All families have their fair share of arguments. Squabbles over who was supposed to unload the dishwasher or take out the trash are pretty common in all families. It's when the arguments start to get heated or frequent where troubles start to brew.
Not all kids suffer from negative effects of family fighting, but ongoing or intensifying arguments may have lasting impacts on the physical and mental health of kids -- effects that reach beyond race, social or economic status.
Here we'll look at how family arguments impact kids, from models of conflict resolution to how stress effects children.
It can be okay for parents to fall into a disagreement in front of their kids -- who are we kidding, this isn't a perfect world. When they do happen, family arguments can be an opportunity to show your kids how to communicate. You can be the role model by putting your constructive rather than destructive argument skills on display.
The art of arguing includes staying calm, being respectful, dealing with the problem and completing the argument, even if it means taking some time away (time out for parents). When you do argue in front of the kids, be sure to apologize and make up in front of them too.
Stress and Worry
Adults may not think kids have much to stress about. But when children suffer in an argumentative environment it can turn into emotional turmoil. Will it happen again? Do their parents love them? Will their parents get divorced? What will happen to them?
According to a survey done by KidsHealth, about 25 percent of the kids surveyed reported harming themselves when they felt stressed, overwhelmed and upset, including banging their heads against something, hitting or biting themselves. In school-aged kids, parents and teachers should look for indicators such as withdrawal (usually, but not always, seen in girls) or aggression (usually, but not always, seen in boys).
And in younger kids, those around preschool age, signs of excessive worrying may surface attention deficits or throwing more frequent temper tantrums than their peers.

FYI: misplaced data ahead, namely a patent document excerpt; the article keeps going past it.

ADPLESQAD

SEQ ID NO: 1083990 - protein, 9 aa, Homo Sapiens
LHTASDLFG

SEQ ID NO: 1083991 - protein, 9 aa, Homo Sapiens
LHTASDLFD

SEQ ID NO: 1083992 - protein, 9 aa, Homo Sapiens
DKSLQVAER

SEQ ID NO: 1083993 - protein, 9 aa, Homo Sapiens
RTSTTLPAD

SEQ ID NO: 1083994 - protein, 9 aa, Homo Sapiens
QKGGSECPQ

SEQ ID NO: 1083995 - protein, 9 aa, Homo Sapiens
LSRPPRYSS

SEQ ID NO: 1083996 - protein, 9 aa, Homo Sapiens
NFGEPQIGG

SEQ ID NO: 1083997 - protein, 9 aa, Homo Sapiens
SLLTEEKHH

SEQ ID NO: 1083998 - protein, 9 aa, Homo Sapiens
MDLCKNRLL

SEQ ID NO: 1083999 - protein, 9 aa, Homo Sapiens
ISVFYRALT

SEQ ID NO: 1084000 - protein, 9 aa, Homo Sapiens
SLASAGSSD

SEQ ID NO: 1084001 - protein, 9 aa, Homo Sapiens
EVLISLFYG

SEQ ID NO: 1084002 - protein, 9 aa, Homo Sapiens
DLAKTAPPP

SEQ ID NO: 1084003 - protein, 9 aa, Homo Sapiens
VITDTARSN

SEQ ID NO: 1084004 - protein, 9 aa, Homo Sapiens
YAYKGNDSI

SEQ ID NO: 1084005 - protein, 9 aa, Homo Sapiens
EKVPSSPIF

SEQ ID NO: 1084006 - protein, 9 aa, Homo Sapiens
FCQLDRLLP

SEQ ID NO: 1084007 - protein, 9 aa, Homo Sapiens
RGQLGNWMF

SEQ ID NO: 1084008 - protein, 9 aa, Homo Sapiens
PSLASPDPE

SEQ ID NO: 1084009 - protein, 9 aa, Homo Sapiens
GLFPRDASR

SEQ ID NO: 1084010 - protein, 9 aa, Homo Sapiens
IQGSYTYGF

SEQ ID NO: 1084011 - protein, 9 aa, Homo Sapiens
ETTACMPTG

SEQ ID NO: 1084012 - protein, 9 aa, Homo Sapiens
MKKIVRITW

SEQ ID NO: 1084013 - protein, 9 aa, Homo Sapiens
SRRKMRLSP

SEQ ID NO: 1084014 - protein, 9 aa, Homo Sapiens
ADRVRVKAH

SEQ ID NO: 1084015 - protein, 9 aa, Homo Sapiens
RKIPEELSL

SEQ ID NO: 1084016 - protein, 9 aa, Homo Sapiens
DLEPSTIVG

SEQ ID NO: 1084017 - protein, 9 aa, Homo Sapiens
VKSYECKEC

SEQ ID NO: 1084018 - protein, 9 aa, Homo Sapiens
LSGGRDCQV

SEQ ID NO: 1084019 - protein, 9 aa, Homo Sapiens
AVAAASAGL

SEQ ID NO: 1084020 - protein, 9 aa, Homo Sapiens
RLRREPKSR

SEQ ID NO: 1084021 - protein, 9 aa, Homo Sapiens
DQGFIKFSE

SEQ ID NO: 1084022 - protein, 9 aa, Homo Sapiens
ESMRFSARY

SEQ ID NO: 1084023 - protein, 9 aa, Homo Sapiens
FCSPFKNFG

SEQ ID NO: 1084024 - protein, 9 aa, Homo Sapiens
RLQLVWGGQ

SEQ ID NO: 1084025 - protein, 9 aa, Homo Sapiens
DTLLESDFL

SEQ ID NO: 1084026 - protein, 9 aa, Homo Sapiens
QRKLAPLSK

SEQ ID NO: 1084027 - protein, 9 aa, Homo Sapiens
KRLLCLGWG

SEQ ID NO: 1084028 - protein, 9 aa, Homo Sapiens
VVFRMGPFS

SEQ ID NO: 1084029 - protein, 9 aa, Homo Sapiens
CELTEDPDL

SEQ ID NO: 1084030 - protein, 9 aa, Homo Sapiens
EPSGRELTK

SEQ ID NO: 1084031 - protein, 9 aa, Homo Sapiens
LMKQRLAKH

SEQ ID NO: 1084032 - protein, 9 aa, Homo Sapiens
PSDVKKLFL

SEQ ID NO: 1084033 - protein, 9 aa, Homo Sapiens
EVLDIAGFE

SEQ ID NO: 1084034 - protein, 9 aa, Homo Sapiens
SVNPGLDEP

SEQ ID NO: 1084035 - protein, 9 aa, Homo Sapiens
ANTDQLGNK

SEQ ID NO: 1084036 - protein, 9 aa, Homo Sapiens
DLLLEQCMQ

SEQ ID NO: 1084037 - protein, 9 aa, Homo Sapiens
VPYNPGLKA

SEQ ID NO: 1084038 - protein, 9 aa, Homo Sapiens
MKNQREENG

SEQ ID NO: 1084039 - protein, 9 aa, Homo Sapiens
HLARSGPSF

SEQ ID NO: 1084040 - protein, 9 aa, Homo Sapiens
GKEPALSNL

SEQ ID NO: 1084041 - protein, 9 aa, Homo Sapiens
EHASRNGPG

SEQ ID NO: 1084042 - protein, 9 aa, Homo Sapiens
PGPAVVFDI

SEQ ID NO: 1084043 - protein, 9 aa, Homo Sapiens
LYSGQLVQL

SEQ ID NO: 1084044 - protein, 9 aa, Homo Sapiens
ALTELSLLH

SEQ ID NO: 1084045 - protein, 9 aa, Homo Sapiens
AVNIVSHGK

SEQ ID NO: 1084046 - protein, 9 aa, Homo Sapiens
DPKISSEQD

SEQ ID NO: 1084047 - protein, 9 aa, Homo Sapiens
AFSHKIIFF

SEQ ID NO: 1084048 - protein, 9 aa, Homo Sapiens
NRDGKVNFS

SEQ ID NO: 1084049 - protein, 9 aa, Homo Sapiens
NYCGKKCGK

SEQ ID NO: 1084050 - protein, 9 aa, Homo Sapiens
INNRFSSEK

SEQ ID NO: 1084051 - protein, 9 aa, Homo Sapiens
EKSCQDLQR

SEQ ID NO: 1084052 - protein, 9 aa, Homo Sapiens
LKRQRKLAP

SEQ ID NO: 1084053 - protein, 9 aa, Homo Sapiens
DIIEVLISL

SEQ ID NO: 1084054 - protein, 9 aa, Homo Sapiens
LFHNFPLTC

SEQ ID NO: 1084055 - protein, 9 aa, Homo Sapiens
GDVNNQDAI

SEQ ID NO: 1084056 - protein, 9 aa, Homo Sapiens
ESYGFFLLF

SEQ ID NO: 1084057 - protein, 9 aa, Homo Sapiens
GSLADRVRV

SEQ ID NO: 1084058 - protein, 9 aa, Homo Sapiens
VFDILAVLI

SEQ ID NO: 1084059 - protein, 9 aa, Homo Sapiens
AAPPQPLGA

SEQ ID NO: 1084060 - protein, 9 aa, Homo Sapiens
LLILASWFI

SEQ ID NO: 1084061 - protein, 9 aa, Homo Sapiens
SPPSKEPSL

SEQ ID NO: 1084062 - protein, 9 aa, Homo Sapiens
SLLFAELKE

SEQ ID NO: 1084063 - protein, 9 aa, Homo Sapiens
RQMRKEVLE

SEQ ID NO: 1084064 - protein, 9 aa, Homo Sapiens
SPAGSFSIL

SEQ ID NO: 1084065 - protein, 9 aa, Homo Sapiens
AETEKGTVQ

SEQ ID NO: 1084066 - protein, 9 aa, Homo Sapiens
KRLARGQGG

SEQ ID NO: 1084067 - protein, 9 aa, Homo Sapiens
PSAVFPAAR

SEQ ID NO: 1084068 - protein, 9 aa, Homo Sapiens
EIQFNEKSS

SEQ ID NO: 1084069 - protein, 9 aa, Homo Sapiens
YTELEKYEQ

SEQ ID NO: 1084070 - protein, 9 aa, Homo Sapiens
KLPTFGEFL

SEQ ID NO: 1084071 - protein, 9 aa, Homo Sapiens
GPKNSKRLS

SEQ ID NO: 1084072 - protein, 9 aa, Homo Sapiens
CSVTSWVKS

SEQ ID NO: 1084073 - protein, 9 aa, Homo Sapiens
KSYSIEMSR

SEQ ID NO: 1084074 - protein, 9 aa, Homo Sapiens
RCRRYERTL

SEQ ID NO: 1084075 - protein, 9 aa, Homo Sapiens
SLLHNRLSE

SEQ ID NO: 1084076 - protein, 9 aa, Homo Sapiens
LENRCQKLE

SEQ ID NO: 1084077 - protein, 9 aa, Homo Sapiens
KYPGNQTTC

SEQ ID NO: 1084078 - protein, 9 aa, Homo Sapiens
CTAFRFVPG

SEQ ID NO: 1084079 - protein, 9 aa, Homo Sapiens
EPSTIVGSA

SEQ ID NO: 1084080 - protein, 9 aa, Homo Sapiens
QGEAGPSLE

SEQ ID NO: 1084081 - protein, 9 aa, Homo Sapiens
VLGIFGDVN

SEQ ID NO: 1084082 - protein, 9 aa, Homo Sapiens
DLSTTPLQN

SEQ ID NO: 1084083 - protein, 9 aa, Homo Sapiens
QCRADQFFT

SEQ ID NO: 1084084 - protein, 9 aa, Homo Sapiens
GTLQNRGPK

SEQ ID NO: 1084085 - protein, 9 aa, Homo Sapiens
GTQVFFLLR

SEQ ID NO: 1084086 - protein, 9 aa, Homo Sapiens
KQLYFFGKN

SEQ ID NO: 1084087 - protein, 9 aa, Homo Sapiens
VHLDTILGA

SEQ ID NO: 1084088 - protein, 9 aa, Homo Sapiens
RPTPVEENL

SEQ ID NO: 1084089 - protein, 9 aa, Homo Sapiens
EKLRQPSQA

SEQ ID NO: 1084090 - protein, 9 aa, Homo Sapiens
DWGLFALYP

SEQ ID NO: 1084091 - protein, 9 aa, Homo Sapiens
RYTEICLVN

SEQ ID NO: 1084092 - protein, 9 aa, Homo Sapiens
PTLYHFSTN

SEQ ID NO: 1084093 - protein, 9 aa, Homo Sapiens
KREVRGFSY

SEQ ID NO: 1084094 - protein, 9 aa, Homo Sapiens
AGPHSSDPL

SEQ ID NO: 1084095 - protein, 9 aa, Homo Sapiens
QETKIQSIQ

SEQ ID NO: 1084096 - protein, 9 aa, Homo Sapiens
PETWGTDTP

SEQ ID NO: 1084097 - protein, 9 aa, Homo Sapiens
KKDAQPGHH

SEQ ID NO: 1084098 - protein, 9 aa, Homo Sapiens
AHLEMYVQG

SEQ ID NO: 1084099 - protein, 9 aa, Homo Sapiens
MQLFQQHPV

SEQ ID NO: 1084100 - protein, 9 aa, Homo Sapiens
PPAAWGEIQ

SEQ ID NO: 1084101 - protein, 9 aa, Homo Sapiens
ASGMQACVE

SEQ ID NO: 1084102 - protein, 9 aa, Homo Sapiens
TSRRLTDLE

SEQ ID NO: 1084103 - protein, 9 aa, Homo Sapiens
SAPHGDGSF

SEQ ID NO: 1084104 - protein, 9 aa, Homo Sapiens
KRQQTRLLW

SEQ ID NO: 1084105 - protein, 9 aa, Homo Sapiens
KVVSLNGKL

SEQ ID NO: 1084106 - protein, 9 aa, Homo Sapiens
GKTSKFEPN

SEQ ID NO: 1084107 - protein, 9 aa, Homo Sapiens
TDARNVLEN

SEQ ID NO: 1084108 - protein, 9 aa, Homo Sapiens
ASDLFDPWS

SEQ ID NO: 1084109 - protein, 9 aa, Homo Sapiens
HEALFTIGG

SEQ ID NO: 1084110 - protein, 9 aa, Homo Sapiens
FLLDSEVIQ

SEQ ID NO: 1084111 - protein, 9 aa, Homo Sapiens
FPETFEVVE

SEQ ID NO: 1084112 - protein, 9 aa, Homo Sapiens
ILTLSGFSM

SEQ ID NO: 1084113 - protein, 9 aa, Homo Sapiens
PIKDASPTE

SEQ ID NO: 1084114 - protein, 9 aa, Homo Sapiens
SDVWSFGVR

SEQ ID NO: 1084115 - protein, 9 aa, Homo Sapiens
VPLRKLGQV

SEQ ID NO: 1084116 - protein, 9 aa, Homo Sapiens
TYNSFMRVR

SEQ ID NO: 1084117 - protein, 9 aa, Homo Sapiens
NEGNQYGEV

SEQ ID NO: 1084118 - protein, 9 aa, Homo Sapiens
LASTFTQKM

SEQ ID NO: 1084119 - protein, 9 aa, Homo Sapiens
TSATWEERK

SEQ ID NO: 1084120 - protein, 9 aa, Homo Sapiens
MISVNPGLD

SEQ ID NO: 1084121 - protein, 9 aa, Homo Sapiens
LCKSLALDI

The stress brought on by family arguments can lead to emotional turmoil for everyone involved. Kids' minds may focus more on the arguments at home and whether or not their family will remain intact rather than on what's going on in social studies.
Coinciding with the level of at-home arguing, some kids begin to show cognitive problems including slower cognitive functioning and limited problem-solving skills.
Some food for thought: In a study done with third, fourth and fifth graders by the National Bureau of Economic Research, children from troubled families displayed lower tests scores in reading and math and had higher levels of disciplinary problems.
When disputes are common at home, whether it's parent to parent, between parents and kids or a combination of everyone, children often bear the brunt of the wounds.
Ongoing verbal fights that escalate to contemptuous and belittling (not just yelling, but name calling, bullying and cursing) put kids at an increased risk for social and psychological problems, including anxiety, depression, aggression, lower self-esteem and trouble interacting with their peers. Mix in physical violence and the risk for a kid developing long-term physical (on the cardiovascular, endocrine, and immune systems) and/or mental health problems rises.
The family arguments may seem small, but their effects can be long lasting. According to a study published in the Journal of the American Academy of Child & Adolescent Psychiatry, teens exposed to their parents' frequent fighting were likely to have a lasting impact into their adulthood.
The study, known as the Simmons Longitudinal Study, was conducted at the Simmons School of Social Work. Researchers followed roughly 300 people from kindergarten to adulthood and found that when compared to their peers those who witnessed their parents fighting frequently were at an increased risk for major depression, alcohol and drug use/dependence and antisocial behaviors not only as teens but at age 30. And on top of that, they were also doubly at risk for poor personal relationships and career success as adults.